In Contagious Architecture, Luciana Parisi offers a philosophical inquiry into the status of the algorithm in architectural and interaction design. Her thesis is that algorithmic computation is not simply an abstract mathematical tool but constitutes a mode of thought in its own right, in that its operation extends into forms of abstraction that lie beyond direct human cognition and control. These include modes of infinity, contingency, and indeterminacy, as well as incomputable quantities underlying the iterative process of algorithmic processing.
The maps in this book are drawn with satellites, assembled with pixels radioed from outer space, and constructed from statistics; they record situations of intense conflict and express fundamental transformations in our ways of seeing and of experiencing space. These maps are built with Global Positioning Systems (GPS), remote sensing satellites, or Geographic Information Systems (GIS): digital spatial hardware and software designed for such military and governmental uses as reconnaissance, secrecy, monitoring, ballistics, the census, and national security.
Beginning in the late eighteenth century, huge circular panoramas presented their audiences with resplendent representations that ranged from historic battles to exotic locations. Such panoramas were immersive but static. There were other panoramas that moved—hundreds, and probably thousands of them. Their history has been largely forgotten. In Illusions in Motion, Erkki Huhtamo excavates this neglected early manifestation of media culture in the making.
Some things are funny—jokes, puns, sitcoms, Charlie Chaplin, The Far Side, Malvolio with his yellow garters crossed—but why? Why does humor exist in the first place? Why do we spend so much of our time passing on amusing anecdotes, making wisecracks, watching The Simpsons? In Inside Jokes, Matthew Hurley, Daniel Dennett, and Reginald Adams offer an evolutionary and cognitive perspective. Humor, they propose, evolved out of a computational problem that arose when our long-ago ancestors were furnished with open-ended thinking.
Gilbert Simondon (1924–1989), one of the most influential contemporary French philosophers, published only three works: L’individu et sa gen√®se physico-biologique (The individual and its physico-biological genesis, 1964) and L’individuation psychique et collective (Psychic and collective individuation, 1989), both drawn from his doctoral thesis, and Du mode d’existence des objets techniques (On the mode of existence of technical objects, 1958).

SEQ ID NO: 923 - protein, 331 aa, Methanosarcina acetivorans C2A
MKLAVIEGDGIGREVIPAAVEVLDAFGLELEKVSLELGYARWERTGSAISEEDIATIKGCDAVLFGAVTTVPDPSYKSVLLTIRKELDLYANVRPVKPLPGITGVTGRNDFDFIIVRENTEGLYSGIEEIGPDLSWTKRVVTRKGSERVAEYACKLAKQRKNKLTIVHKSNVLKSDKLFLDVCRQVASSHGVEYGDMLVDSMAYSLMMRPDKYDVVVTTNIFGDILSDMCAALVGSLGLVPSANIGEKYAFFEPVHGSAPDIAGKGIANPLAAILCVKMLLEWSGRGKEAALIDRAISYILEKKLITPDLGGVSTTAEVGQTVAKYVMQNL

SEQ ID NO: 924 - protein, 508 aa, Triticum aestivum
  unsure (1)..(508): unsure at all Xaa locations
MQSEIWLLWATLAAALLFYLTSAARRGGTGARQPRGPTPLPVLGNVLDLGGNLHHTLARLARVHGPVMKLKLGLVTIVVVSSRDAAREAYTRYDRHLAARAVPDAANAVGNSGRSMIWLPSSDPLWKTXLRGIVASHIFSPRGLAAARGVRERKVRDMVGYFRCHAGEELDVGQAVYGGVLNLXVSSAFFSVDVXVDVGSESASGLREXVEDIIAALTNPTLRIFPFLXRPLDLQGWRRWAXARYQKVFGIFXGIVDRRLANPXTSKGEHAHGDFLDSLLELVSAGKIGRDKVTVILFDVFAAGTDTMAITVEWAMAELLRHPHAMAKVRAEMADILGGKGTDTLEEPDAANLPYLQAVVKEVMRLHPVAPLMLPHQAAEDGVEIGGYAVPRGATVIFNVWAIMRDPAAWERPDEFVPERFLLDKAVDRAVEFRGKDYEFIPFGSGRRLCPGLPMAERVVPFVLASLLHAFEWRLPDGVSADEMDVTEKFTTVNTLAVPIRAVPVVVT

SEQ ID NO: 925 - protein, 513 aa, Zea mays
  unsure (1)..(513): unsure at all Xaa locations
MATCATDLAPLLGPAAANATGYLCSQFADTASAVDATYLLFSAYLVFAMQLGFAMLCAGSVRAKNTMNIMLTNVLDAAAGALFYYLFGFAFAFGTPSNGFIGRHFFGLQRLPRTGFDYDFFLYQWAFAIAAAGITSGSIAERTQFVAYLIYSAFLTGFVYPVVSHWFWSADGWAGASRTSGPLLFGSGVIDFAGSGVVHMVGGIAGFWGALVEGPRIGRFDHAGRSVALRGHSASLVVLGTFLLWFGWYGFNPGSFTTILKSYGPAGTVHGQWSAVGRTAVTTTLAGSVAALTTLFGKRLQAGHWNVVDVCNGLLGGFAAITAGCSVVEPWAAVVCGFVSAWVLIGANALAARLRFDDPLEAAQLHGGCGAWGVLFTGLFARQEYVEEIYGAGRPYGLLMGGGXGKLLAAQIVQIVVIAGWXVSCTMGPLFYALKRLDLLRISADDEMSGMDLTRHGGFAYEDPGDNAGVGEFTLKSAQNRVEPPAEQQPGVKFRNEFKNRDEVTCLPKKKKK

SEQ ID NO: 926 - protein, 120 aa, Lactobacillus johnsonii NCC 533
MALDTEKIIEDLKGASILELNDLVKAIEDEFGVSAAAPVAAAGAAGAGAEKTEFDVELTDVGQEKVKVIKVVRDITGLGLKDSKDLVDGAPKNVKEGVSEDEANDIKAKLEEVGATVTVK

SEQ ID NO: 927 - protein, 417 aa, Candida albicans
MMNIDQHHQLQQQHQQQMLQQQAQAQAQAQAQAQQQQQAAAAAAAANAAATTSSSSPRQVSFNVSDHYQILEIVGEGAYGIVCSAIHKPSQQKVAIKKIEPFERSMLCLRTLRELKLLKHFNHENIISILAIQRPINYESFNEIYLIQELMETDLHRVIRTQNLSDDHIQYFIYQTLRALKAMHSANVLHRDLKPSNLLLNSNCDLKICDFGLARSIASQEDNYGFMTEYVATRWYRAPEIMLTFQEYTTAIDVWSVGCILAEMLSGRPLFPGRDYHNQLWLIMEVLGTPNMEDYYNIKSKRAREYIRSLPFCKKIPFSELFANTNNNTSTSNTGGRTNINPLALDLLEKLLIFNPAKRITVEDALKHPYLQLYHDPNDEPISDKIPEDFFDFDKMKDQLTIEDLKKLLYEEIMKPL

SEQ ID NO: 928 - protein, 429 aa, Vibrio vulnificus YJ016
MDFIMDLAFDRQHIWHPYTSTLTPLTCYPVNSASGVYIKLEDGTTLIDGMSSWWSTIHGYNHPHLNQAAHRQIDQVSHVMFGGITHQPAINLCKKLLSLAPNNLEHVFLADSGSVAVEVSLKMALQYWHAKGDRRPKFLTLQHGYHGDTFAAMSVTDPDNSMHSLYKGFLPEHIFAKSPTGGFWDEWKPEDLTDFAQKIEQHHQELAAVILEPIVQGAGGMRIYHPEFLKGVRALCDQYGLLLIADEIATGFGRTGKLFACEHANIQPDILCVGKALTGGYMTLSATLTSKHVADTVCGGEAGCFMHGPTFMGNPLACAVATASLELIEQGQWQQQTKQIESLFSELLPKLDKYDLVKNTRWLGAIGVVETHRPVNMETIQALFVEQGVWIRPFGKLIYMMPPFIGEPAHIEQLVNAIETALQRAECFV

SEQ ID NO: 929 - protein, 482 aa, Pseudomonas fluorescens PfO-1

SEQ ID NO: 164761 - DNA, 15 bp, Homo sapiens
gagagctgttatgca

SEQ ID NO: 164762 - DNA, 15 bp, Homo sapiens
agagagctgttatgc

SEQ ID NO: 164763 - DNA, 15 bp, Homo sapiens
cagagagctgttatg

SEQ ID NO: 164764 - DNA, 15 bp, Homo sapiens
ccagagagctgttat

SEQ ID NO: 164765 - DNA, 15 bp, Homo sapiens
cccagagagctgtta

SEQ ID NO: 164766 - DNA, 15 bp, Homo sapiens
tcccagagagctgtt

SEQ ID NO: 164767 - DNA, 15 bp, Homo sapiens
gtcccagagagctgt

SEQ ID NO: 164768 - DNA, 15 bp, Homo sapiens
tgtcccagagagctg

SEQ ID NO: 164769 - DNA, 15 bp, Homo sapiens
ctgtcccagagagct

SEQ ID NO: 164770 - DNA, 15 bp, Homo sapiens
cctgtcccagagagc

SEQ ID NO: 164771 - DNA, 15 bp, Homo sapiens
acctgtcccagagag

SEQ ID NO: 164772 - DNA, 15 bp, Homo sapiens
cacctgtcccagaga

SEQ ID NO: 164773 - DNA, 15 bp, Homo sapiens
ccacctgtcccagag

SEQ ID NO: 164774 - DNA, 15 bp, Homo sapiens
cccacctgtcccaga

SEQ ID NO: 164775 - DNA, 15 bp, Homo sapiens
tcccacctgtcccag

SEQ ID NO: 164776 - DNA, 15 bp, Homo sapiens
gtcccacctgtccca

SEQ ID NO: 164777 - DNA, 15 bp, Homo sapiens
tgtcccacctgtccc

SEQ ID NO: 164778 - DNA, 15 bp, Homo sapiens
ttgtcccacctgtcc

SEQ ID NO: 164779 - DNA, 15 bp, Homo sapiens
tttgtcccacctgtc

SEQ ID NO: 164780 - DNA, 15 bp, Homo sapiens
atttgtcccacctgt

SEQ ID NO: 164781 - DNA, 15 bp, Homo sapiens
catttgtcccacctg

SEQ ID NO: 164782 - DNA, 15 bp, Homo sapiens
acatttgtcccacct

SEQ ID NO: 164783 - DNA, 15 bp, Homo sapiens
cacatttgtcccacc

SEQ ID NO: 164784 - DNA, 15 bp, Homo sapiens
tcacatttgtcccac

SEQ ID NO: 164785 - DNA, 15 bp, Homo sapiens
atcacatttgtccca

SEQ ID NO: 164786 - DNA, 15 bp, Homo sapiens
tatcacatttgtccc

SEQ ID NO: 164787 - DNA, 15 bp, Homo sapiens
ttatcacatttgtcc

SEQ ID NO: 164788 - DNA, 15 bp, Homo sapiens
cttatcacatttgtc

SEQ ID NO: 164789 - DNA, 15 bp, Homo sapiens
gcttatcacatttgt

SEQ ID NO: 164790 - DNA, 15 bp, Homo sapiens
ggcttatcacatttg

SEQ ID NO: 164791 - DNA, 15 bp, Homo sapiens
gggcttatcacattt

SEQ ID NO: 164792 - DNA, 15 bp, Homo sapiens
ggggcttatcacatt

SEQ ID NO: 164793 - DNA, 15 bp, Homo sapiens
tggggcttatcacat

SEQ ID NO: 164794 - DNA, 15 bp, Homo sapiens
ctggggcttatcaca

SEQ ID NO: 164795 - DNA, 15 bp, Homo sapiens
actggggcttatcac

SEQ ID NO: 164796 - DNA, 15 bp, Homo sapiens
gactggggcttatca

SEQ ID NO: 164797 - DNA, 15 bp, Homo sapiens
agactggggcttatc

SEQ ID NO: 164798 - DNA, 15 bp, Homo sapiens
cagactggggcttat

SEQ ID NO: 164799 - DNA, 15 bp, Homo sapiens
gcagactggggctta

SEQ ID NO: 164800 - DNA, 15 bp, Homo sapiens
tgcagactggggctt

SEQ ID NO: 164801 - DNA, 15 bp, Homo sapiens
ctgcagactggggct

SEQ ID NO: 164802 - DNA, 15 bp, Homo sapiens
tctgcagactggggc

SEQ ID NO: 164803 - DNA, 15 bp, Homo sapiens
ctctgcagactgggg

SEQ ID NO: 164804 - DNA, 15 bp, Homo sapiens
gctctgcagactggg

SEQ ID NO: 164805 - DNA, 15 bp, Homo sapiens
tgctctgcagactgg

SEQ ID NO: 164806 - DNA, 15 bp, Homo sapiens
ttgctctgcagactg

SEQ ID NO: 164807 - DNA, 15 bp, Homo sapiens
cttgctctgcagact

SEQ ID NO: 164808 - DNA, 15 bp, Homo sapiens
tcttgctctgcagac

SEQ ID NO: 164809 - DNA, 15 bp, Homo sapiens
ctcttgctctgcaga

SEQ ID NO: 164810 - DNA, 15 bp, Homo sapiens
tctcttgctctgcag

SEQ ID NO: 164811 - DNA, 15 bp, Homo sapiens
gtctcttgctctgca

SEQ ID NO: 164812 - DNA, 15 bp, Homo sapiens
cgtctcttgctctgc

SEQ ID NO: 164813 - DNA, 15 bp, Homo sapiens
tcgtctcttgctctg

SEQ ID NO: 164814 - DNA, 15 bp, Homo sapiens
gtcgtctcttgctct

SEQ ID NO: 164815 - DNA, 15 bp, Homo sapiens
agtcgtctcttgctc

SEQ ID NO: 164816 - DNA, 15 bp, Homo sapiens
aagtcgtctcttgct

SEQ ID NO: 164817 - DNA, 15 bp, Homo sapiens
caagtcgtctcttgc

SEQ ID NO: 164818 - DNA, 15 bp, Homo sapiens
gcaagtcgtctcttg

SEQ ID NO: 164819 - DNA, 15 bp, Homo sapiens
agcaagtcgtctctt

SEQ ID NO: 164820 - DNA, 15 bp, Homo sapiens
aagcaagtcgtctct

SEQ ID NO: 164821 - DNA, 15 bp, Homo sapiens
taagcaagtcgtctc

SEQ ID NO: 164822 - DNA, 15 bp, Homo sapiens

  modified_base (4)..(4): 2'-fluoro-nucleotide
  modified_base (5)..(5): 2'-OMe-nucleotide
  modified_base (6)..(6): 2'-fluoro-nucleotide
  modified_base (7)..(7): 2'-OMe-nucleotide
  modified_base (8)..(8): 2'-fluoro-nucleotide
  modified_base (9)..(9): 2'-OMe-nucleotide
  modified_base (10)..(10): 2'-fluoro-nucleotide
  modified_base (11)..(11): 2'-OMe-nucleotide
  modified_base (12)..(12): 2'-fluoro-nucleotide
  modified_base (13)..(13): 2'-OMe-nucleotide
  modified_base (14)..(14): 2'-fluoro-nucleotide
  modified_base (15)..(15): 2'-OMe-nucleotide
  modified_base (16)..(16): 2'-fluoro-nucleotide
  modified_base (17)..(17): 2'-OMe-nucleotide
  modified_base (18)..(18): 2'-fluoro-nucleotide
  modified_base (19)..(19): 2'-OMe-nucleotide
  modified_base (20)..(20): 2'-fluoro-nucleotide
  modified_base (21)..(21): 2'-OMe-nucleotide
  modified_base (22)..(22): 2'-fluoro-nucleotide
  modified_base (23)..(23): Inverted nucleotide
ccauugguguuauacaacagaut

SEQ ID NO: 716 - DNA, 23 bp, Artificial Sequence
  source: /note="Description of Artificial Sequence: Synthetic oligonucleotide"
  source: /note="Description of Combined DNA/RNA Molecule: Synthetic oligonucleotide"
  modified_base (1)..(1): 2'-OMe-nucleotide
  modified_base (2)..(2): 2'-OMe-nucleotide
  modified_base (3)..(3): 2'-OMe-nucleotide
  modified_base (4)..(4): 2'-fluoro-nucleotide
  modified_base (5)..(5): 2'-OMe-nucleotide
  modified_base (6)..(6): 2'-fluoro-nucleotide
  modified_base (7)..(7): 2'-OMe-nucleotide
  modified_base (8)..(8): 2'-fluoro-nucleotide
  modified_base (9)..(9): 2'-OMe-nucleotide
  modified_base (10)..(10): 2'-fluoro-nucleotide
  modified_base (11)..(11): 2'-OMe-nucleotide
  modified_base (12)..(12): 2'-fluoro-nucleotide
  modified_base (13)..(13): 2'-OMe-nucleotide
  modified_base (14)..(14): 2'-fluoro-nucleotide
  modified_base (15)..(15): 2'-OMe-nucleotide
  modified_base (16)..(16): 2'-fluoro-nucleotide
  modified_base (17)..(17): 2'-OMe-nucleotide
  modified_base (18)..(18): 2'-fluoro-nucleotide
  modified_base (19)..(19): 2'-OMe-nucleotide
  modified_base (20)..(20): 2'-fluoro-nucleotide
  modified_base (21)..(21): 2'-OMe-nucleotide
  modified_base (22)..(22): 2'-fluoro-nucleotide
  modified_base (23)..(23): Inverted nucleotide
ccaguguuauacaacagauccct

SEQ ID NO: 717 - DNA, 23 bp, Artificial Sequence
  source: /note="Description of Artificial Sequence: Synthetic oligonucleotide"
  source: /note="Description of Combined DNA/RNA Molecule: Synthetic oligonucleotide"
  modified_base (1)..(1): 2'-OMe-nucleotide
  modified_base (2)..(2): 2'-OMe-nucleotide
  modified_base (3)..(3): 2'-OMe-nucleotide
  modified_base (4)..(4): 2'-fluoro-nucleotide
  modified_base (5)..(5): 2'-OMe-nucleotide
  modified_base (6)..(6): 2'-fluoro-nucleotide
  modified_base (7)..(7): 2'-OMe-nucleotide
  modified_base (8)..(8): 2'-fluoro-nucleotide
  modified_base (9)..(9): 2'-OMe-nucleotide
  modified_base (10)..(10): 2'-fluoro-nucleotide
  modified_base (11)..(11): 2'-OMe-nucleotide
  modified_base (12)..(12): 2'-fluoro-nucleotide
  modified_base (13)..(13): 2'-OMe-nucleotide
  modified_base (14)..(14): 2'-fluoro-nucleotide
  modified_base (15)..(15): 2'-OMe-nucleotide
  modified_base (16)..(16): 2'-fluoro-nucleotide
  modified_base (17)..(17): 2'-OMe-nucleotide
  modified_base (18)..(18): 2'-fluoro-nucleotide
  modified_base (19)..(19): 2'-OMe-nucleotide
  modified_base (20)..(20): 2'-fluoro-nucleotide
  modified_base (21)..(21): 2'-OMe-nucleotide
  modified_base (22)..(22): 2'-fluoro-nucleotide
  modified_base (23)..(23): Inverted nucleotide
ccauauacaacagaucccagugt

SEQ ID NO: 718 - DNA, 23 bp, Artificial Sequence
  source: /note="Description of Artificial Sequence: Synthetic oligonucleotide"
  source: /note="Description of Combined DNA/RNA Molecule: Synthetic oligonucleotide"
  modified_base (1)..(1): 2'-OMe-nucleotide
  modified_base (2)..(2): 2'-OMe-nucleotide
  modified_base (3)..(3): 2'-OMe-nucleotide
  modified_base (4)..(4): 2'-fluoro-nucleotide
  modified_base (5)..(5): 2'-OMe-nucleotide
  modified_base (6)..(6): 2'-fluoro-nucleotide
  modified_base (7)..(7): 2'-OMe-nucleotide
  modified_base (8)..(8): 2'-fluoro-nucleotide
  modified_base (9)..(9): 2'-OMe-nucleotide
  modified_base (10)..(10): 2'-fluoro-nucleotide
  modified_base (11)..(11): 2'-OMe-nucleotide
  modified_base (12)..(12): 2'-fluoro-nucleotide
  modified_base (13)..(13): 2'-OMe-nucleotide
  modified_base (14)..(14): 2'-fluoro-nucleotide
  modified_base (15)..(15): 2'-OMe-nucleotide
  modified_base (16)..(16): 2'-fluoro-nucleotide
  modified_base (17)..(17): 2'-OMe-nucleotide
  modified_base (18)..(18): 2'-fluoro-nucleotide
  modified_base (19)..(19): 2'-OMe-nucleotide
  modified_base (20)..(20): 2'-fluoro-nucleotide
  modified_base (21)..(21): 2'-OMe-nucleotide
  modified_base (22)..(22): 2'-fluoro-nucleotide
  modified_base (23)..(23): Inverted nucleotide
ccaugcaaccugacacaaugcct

Evil Media develops a philosophy of media power that extends the concept of media beyond its tried and trusted use in the games of meaning, symbolism, and truth. It addresses the gray zones in which media exist as corporate work systems, algorithms and data structures, twenty-first century self-improvement manuals, and pharmaceutical techniques. Evil Media invites the reader to explore and understand the abstract infrastructure of the present day.
This introduction and commentary to Kant's least discussed work, Anthropology from a Pragmatic Point of View, is the dissertation that Michel Foucault presented in 1961 as his doctoral thesis. It has remained unpublished, in any language, until now.
In this timely and wide-ranging study, Karsten Stueber argues that empathy is epistemically central for our folk-psychological understanding of other agents—that it is something we cannot do without in order to gain understanding of other minds. Setting his argument in the context of contemporary philosophy of mind and the interdisciplinary debate about the nature of our mindreading abilities, Stueber counters objections raised by some in the philosophy of social science and argues that it is time to rehabilitate the empathy thesis.
Contemporary critical social theories face the question of how to justify the ideas of the good society that guide their critical analyses. Traditionally, these more or less determinate ideas of the good society were held to be independent of their specific sociocultural context and historical epoch.
The use of case studies to build and test theories in political science and the other social sciences has increased in recent years. Many scholars have argued that the social sciences rely too heavily on quantitative research and formal models and thus have attempted to develop and refine rigorous methods for using case studies. This text presents a comprehensive analysis of research methods using case studies and examines the place of case studies in social science methodology.